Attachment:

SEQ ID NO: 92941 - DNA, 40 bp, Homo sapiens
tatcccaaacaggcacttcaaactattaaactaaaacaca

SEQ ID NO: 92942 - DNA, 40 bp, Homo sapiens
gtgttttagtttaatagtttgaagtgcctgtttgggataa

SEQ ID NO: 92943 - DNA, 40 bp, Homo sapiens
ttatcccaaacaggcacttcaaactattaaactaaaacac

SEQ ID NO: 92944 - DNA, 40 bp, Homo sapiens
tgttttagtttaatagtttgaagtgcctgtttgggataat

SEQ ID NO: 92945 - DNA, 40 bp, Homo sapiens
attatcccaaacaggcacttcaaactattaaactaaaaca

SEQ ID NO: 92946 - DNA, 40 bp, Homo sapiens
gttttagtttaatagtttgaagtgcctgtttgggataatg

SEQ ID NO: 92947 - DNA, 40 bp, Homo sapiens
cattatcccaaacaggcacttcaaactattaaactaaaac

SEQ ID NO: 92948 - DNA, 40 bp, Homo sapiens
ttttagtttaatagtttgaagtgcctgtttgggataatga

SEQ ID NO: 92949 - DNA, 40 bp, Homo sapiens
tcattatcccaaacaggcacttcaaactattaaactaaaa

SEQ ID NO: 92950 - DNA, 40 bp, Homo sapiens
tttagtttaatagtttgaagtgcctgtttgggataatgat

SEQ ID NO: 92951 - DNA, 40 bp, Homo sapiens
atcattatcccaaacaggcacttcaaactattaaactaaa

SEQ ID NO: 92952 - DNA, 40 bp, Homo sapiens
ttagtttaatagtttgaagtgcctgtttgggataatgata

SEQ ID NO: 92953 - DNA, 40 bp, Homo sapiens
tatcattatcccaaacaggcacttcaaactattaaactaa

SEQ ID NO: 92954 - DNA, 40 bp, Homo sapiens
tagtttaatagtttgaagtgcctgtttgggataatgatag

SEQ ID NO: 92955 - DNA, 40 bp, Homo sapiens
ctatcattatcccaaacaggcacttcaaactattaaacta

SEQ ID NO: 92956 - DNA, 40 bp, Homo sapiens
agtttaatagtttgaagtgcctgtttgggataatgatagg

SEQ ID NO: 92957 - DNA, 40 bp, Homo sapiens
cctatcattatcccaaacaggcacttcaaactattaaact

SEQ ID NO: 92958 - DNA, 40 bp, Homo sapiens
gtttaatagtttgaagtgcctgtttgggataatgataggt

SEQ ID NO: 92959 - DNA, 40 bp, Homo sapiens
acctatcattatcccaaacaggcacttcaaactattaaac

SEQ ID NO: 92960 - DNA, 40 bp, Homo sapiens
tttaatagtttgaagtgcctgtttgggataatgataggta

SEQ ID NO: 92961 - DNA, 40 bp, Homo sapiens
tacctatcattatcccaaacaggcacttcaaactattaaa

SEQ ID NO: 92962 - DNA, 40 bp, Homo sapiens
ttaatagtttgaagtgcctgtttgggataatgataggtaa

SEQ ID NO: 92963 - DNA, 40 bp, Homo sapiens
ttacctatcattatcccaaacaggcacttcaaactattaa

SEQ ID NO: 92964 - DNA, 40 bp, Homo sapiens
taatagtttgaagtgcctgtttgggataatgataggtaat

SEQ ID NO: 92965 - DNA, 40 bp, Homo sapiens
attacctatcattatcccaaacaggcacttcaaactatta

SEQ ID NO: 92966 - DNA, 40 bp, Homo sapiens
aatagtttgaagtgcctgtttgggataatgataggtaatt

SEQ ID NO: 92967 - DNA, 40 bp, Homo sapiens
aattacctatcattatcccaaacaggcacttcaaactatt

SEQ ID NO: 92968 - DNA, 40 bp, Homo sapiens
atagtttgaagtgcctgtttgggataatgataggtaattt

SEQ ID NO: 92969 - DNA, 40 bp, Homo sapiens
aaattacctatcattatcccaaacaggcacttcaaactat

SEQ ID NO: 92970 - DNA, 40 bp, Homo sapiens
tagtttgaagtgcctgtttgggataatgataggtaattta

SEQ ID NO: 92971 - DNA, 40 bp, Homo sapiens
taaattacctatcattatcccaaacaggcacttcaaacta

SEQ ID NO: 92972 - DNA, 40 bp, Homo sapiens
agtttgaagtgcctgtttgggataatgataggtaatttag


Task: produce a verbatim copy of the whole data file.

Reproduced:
SEQ ID NO: 92941 - DNA, 40 bp, Homo sapiens
tatcccaaacaggcacttcaaactattaaactaaaacaca

SEQ ID NO: 92942 - DNA, 40 bp, Homo sapiens
gtgttttagtttaatagtttgaagtgcctgtttgggataa

SEQ ID NO: 92943 - DNA, 40 bp, Homo sapiens
ttatcccaaacaggcacttcaaactattaaactaaaacac

SEQ ID NO: 92944 - DNA, 40 bp, Homo sapiens
tgttttagtttaatagtttgaagtgcctgtttgggataat

SEQ ID NO: 92945 - DNA, 40 bp, Homo sapiens
attatcccaaacaggcacttcaaactattaaactaaaaca

SEQ ID NO: 92946 - DNA, 40 bp, Homo sapiens
gttttagtttaatagtttgaagtgcctgtttgggataatg

SEQ ID NO: 92947 - DNA, 40 bp, Homo sapiens
cattatcccaaacaggcacttcaaactattaaactaaaac

SEQ ID NO: 92948 - DNA, 40 bp, Homo sapiens
ttttagtttaatagtttgaagtgcctgtttgggataatga

SEQ ID NO: 92949 - DNA, 40 bp, Homo sapiens
tcattatcccaaacaggcacttcaaactattaaactaaaa

SEQ ID NO: 92950 - DNA, 40 bp, Homo sapiens
tttagtttaatagtttgaagtgcctgtttgggataatgat

SEQ ID NO: 92951 - DNA, 40 bp, Homo sapiens
atcattatcccaaacaggcacttcaaactattaaactaaa

SEQ ID NO: 92952 - DNA, 40 bp, Homo sapiens
ttagtttaatagtttgaagtgcctgtttgggataatgata

SEQ ID NO: 92953 - DNA, 40 bp, Homo sapiens
tatcattatcccaaacaggcacttcaaactattaaactaa

SEQ ID NO: 92954 - DNA, 40 bp, Homo sapiens
tagtttaatagtttgaagtgcctgtttgggataatgatag

SEQ ID NO: 92955 - DNA, 40 bp, Homo sapiens
ctatcattatcccaaacaggcacttcaaactattaaacta

SEQ ID NO: 92956 - DNA, 40 bp, Homo sapiens
agtttaatagtttgaagtgcctgtttgggataatgatagg

SEQ ID NO: 92957 - DNA, 40 bp, Homo sapiens
cctatcattatcccaaacaggcacttcaaactattaaact

SEQ ID NO: 92958 - DNA, 40 bp, Homo sapiens
gtttaatagtttgaagtgcctgtttgggataatgataggt

SEQ ID NO: 92959 - DNA, 40 bp, Homo sapiens
acctatcattatcccaaacaggcacttcaaactattaaac

SEQ ID NO: 92960 - DNA, 40 bp, Homo sapiens
tttaatagtttgaagtgcctgtttgggataatgataggta

SEQ ID NO: 92961 - DNA, 40 bp, Homo sapiens
tacctatcattatcccaaacaggcacttcaaactattaaa

SEQ ID NO: 92962 - DNA, 40 bp, Homo sapiens
ttaatagtttgaagtgcctgtttgggataatgataggtaa

SEQ ID NO: 92963 - DNA, 40 bp, Homo sapiens
ttacctatcattatcccaaacaggcacttcaaactattaa

SEQ ID NO: 92964 - DNA, 40 bp, Homo sapiens
taatagtttgaagtgcctgtttgggataatgataggtaat

SEQ ID NO: 92965 - DNA, 40 bp, Homo sapiens
attacctatcattatcccaaacaggcacttcaaactatta

SEQ ID NO: 92966 - DNA, 40 bp, Homo sapiens
aatagtttgaagtgcctgtttgggataatgataggtaatt

SEQ ID NO: 92967 - DNA, 40 bp, Homo sapiens
aattacctatcattatcccaaacaggcacttcaaactatt

SEQ ID NO: 92968 - DNA, 40 bp, Homo sapiens
atagtttgaagtgcctgtttgggataatgataggtaattt

SEQ ID NO: 92969 - DNA, 40 bp, Homo sapiens
aaattacctatcattatcccaaacaggcacttcaaactat

SEQ ID NO: 92970 - DNA, 40 bp, Homo sapiens
tagtttgaagtgcctgtttgggataatgataggtaattta

SEQ ID NO: 92971 - DNA, 40 bp, Homo sapiens
taaattacctatcattatcccaaacaggcacttcaaacta

SEQ ID NO: 92972 - DNA, 40 bp, Homo sapiens
agtttgaagtgcctgtttgggataatgataggtaatttag